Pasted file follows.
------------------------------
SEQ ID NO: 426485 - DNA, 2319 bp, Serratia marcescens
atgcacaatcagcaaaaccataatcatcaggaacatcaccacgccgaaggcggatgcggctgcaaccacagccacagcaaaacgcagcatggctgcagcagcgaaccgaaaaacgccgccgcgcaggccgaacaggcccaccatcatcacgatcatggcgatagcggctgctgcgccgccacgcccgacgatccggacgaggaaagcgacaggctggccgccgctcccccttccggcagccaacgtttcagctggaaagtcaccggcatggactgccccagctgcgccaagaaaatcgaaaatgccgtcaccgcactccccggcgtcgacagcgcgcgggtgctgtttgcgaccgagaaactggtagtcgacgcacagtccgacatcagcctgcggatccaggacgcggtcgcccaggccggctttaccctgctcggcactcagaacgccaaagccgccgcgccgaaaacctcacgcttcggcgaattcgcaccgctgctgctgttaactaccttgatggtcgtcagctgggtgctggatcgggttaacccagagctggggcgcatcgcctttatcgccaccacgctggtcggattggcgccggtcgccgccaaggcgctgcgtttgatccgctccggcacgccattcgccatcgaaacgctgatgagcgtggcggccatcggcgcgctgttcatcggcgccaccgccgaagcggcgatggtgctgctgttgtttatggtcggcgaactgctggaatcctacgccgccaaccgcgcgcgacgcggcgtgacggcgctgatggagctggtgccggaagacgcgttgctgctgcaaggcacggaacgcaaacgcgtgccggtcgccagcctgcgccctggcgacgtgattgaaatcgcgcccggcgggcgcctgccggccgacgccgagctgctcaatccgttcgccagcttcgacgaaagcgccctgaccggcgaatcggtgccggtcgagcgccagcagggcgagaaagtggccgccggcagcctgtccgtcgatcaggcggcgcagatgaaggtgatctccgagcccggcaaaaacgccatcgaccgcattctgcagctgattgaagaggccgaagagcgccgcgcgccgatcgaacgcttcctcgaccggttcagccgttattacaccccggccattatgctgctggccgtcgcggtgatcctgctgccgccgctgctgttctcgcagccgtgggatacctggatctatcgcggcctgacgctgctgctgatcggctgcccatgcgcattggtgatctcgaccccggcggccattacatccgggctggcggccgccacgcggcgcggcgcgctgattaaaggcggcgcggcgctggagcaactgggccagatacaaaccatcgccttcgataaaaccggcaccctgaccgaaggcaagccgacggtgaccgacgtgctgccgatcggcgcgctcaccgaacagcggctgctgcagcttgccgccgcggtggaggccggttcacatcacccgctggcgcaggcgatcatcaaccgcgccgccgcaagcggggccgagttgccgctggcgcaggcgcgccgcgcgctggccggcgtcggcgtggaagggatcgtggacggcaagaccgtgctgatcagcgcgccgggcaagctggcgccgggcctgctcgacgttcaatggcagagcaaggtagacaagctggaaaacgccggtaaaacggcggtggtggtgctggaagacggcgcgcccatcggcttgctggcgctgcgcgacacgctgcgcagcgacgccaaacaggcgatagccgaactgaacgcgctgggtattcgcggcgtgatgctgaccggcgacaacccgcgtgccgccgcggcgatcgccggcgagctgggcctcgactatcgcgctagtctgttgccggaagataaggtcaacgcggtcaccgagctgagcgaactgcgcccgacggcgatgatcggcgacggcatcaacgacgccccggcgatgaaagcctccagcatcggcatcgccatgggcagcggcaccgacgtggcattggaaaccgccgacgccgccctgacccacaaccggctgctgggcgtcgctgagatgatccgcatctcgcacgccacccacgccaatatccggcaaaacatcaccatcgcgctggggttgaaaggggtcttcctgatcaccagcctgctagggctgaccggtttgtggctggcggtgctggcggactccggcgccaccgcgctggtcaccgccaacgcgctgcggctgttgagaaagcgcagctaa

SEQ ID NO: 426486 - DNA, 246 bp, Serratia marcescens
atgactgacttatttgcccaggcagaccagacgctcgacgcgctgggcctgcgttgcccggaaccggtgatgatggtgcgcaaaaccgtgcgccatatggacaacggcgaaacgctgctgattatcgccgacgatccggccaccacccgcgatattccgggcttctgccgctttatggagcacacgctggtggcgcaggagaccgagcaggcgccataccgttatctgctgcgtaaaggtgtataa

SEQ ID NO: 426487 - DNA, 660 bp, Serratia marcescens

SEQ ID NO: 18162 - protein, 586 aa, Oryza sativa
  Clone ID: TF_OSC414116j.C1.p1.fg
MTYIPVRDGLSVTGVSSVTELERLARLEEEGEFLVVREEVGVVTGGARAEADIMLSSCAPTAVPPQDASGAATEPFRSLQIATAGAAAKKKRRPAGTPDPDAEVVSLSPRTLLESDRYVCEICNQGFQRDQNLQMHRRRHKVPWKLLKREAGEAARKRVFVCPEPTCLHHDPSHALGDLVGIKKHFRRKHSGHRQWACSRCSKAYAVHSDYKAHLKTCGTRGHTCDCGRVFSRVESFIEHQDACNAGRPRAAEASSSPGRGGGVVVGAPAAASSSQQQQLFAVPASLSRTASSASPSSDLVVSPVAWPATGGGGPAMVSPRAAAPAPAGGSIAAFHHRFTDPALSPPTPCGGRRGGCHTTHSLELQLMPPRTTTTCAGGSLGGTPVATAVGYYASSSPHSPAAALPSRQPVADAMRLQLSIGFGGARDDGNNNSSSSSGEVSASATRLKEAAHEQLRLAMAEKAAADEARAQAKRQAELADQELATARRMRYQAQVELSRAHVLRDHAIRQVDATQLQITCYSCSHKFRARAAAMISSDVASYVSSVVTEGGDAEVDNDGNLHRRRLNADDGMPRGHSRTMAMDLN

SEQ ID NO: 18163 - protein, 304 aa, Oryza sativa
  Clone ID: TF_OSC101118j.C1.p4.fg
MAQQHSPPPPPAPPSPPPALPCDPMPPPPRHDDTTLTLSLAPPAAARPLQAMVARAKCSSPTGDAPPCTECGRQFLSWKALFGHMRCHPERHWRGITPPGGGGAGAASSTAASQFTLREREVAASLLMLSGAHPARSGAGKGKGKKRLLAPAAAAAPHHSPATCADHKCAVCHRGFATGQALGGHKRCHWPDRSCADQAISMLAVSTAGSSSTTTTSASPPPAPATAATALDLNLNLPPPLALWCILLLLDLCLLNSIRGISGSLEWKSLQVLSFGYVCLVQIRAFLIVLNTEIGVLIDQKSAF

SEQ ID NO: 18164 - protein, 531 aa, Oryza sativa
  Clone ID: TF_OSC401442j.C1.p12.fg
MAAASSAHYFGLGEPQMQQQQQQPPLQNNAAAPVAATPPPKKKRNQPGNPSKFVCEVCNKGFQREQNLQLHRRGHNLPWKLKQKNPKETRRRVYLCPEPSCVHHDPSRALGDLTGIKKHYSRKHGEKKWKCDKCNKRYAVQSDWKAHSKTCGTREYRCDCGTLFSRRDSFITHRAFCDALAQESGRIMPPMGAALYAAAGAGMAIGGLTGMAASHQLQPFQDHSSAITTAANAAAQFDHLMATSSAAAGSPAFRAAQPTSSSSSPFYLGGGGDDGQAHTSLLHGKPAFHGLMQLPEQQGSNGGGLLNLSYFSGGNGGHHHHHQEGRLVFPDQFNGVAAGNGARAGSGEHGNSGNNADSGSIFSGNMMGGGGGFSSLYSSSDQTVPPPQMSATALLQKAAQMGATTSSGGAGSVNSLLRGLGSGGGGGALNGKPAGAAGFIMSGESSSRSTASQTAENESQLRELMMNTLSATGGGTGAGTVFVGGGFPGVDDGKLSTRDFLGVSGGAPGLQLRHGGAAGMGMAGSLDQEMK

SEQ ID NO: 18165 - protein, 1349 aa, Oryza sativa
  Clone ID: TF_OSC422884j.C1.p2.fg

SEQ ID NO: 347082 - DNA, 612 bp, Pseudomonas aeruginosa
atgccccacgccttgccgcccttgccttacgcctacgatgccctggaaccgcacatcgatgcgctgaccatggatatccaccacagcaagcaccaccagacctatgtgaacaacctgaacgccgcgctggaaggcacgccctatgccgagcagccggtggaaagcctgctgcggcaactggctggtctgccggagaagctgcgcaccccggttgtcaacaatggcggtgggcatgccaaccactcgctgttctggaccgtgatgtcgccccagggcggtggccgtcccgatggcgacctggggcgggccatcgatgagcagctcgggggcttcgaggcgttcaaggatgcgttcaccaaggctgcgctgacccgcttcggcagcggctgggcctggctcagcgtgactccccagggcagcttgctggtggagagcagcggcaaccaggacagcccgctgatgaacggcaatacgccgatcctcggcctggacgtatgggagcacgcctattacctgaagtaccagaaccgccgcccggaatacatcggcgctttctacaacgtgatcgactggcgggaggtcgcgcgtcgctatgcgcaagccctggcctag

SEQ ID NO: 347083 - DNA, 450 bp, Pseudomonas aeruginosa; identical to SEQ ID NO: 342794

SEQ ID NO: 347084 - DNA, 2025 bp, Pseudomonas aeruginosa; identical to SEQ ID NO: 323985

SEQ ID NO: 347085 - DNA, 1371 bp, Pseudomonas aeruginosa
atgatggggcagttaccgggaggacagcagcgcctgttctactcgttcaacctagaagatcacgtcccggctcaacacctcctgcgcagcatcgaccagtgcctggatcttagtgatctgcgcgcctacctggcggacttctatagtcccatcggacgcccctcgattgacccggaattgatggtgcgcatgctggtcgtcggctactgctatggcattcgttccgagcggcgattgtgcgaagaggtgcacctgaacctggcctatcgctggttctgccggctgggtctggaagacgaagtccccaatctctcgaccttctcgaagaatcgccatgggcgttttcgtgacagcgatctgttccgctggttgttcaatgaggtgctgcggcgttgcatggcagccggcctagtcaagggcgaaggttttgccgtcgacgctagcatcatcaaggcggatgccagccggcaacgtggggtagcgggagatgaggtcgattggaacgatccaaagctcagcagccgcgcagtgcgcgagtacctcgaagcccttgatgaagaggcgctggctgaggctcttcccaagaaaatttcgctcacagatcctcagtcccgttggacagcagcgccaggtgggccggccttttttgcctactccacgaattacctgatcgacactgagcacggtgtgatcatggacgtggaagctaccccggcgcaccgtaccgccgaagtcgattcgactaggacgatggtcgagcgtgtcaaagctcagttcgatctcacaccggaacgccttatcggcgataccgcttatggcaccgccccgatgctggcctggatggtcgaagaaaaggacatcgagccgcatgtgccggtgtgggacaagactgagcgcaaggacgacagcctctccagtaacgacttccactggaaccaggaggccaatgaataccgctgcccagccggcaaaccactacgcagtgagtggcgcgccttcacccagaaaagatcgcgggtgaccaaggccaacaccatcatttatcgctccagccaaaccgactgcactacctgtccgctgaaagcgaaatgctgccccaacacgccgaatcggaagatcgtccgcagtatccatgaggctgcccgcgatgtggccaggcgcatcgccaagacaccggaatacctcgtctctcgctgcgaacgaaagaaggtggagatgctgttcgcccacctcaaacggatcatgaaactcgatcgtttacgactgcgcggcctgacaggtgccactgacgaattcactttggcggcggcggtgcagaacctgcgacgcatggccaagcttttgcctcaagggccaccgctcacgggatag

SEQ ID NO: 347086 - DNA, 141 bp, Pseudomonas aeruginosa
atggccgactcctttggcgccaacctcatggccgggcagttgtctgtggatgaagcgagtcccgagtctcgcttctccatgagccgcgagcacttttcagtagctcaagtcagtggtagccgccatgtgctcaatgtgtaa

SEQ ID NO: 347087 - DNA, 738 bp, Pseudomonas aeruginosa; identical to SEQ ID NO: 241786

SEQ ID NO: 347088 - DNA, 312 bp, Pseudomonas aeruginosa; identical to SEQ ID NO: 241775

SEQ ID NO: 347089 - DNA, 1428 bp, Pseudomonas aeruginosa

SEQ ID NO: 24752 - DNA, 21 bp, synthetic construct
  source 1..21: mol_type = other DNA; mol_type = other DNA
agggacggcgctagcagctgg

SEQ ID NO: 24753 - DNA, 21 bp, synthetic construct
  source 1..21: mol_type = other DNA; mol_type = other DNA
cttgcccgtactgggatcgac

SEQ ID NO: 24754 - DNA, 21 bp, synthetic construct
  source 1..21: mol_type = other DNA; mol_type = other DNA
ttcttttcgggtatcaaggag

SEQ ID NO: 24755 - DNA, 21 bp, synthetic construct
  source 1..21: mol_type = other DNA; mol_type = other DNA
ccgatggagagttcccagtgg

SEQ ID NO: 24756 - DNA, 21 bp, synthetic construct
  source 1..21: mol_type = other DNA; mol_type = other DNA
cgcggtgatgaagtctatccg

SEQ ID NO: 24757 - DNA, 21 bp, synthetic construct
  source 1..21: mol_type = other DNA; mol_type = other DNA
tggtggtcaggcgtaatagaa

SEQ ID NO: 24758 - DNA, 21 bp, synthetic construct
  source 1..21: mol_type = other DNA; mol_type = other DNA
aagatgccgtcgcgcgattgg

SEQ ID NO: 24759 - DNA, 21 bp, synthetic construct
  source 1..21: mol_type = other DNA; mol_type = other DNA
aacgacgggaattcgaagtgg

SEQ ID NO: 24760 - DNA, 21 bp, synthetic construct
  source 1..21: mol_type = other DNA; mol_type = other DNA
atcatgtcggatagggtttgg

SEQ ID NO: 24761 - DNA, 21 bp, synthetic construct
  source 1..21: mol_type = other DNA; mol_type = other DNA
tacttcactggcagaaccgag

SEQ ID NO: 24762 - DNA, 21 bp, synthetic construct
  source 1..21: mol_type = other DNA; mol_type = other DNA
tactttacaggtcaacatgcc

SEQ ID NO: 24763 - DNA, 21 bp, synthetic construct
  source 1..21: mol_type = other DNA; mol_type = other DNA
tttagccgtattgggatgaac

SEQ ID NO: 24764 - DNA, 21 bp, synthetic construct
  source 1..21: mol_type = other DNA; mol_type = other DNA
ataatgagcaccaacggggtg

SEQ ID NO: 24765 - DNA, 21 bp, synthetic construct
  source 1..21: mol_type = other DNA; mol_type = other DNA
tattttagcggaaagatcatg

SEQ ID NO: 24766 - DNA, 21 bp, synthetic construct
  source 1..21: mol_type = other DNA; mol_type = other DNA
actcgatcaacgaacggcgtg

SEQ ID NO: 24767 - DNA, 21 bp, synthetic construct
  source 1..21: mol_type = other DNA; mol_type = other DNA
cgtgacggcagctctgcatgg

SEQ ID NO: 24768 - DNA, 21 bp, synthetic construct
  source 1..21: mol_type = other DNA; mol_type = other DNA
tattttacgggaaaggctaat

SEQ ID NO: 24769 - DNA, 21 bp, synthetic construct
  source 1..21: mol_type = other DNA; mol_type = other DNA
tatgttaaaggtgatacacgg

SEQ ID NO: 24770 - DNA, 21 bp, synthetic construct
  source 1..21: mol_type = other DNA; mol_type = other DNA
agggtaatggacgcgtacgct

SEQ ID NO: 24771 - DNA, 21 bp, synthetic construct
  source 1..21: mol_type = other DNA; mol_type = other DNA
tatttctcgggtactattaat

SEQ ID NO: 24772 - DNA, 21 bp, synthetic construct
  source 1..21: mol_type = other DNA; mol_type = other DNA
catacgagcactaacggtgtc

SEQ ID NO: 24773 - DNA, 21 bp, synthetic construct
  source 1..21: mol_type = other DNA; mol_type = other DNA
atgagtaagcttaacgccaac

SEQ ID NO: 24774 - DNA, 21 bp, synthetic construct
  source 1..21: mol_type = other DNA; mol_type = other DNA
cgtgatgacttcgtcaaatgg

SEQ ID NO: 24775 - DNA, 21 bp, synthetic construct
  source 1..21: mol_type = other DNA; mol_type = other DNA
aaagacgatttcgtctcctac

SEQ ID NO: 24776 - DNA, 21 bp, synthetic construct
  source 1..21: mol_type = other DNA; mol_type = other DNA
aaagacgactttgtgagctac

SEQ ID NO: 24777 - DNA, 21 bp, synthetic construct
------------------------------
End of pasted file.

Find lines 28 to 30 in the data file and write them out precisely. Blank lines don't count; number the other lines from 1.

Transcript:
SEQ ID NO: 24752 - DNA, 21 bp, synthetic construct
  source 1..21: mol_type = other DNA; mol_type = other DNA
agggacggcgctagcagctgg